Miami officials should erect a statue to Argentina’s President Cristina Fernandez de Kirchner. Thanks to her disastrous economic policies, Argentines are flocking to invest here and Argentine developers are building some of the city’s most spectacular real estate projects.
According to a soon-to-be-released survey by the Miami Association of Realtors, Argentines are only behind Venezuelans as the biggest group of foreign buyers in the Miami area this year. Until 2011, Argentines were No. 3, behind Venezuelans and Brazilians.
But Argentines are leaving a greater mark on the city than most others because of prominent Argentine developers building massive condominium projects in the Miami area.
Last Sunday, the Miami Herald’s main front-page story featured Argentine developer Alan Faena, who’s building several luxury hotels and condominiums just north of South Beach. According to the Herald’s story, Faena may “singlehandedly turn sleepy mid-Beach into the city’s resplendent new epicenter.” Asking price for Faena House’s two-story penthouse: $50 million.
Another recent Herald story featured Argentina’s Melo family, a group of developers that is turning a four-block area in Edgwater, near downtown Miami, into a new city center. “A real estate explosion in Edgwater, Miami’s next trendy district,” the headline read.
Eduardo Constantini, another major Argentine developer, is finishing a gated community in Key Biscayne — the first new development there in 13 years — and is building a huge luxury project in Bal Harbor. Other Argentine, Uruguayan and Chilean developers are building high-rises throughout the Miami area, many of which are pre-sold to anxious Argentine buyers.
Lynda Fernandez, a spokeswoman for the Miami Association of Realtors, tells me that the number of Argentines buying real estate in Miami is continuing to grow this year despite — or because of — Argentina’s currency controls.
Judging from what I hear from several realtors, their Argentine clients are coming here because they fear a new economic meltdown at home. As one well-placed realtor told me, “I can sum up the reasons of my Argentine clients coming here in one word: panic.”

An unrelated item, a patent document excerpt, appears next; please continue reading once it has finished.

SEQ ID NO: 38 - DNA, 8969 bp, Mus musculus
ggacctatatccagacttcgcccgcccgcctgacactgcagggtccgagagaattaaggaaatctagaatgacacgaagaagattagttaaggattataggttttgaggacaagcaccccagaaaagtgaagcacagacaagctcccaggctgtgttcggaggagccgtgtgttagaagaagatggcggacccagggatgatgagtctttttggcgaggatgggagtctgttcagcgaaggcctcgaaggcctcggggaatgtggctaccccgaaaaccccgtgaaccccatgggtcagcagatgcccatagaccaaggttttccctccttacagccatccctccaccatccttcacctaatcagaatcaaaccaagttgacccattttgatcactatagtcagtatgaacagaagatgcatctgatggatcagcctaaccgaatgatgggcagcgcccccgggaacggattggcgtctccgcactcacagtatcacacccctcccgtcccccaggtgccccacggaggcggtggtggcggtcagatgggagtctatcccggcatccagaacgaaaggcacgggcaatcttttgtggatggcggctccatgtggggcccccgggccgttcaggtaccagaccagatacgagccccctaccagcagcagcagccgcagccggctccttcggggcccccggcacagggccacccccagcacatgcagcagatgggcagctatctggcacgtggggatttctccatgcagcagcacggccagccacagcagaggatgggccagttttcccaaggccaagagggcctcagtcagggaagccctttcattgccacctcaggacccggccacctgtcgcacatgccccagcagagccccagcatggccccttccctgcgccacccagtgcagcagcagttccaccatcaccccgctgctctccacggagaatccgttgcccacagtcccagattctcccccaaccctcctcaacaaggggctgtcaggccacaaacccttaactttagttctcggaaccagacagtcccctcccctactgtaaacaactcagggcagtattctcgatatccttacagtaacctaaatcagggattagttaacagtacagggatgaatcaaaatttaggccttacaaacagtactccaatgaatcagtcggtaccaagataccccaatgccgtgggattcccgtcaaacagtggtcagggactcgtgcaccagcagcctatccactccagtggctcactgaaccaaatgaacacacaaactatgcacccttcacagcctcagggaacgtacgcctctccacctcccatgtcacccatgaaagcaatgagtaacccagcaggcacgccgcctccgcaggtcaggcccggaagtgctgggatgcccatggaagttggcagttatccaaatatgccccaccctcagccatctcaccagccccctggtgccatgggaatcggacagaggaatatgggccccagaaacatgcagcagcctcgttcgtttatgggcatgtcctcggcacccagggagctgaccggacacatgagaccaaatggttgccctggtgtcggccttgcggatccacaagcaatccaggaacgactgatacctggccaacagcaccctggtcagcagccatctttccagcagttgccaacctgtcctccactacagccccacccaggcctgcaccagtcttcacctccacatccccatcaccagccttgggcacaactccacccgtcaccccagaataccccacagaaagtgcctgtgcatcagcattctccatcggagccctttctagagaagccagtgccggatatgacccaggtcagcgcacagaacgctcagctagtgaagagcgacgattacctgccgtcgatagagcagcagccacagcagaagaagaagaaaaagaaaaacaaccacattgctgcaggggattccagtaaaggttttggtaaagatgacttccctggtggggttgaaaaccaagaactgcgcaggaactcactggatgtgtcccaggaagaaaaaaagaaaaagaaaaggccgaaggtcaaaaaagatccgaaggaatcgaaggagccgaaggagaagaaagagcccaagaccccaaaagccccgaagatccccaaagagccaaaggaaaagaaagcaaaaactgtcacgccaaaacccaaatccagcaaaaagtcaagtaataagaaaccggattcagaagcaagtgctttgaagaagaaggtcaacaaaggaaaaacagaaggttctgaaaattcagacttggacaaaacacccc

It has been a slow-motion downhill process. Much like in Venezuela, the Fernandez government in Argentina has wasted her country’s biggest commodity bonanza in recent history giving away massive cash subsidies to buy votes, but doing little to ensure long-term poverty reduction.
A staggering 45 percent of Argentines are getting paid on a monthly basis by the government, either because they are public employees or because they are getting cash subsidies, according to an Aug. 18 article in the daily La Nacion. The number of public employees alone has grown by 52 percent over the past decade, to 3.3 million, says the FIEL economic research group.
That helped Fernandez get re-elected in 2011, and has led many Argentines to believe her fairy tale that her government had come up with a new “economic model” to reduce poverty. But now that world prices of Argentine soybeans and other commodities have stabilized, the stark reality is becoming apparent: the government has been spending way beyond its means.
Argentines have seen this movie several times before, and know how it ends: with massive devaluations that leave most people poorer than they were. And those who can are rushing to buy dollars, or real estate, in Miami.
Since the beginning of the year, Argentina’s foreign reserves have fallen from $43 billion to $35 billion. The Argentine currency is losing ground, and inflation — officially at 10 percent — is estimated by virtually all independent economists at closer to 26 percent.
Martin Redrado, who was president of Argentina’s Central Bank between 2004 and 2010, told me in a telephone interview that he’s not terribly surprised by the continued flow of Argentine investors to Miami.
“There is no confidence in Argentina, because our economic policies are improvised, erratic and continuously changing. That generates distrust, and scares away capital,” Redrado said. “It’s like Venezuela, in a lower scale.”
My opinion: What’s saddest about Argentina is that, during the Kirchner decade, Argentina wasted its biggest economic bonanza in perhaps a century in short-term populist policies, instead of using its commodity export income to improve education and health, like neighboring Brazil is doing now, and Chile has been doing for decades.
While Fernandez clings to the fiction that Argentina is doing great, the country’s once world-class education levels are plummeting, infrastructure is crumbling, construction has come to a halt, and Argentine investors are rushing to buy properties abroad. Nobody should be surprised if Miami officials go to bed every night saying, “Gracias, Cristina!”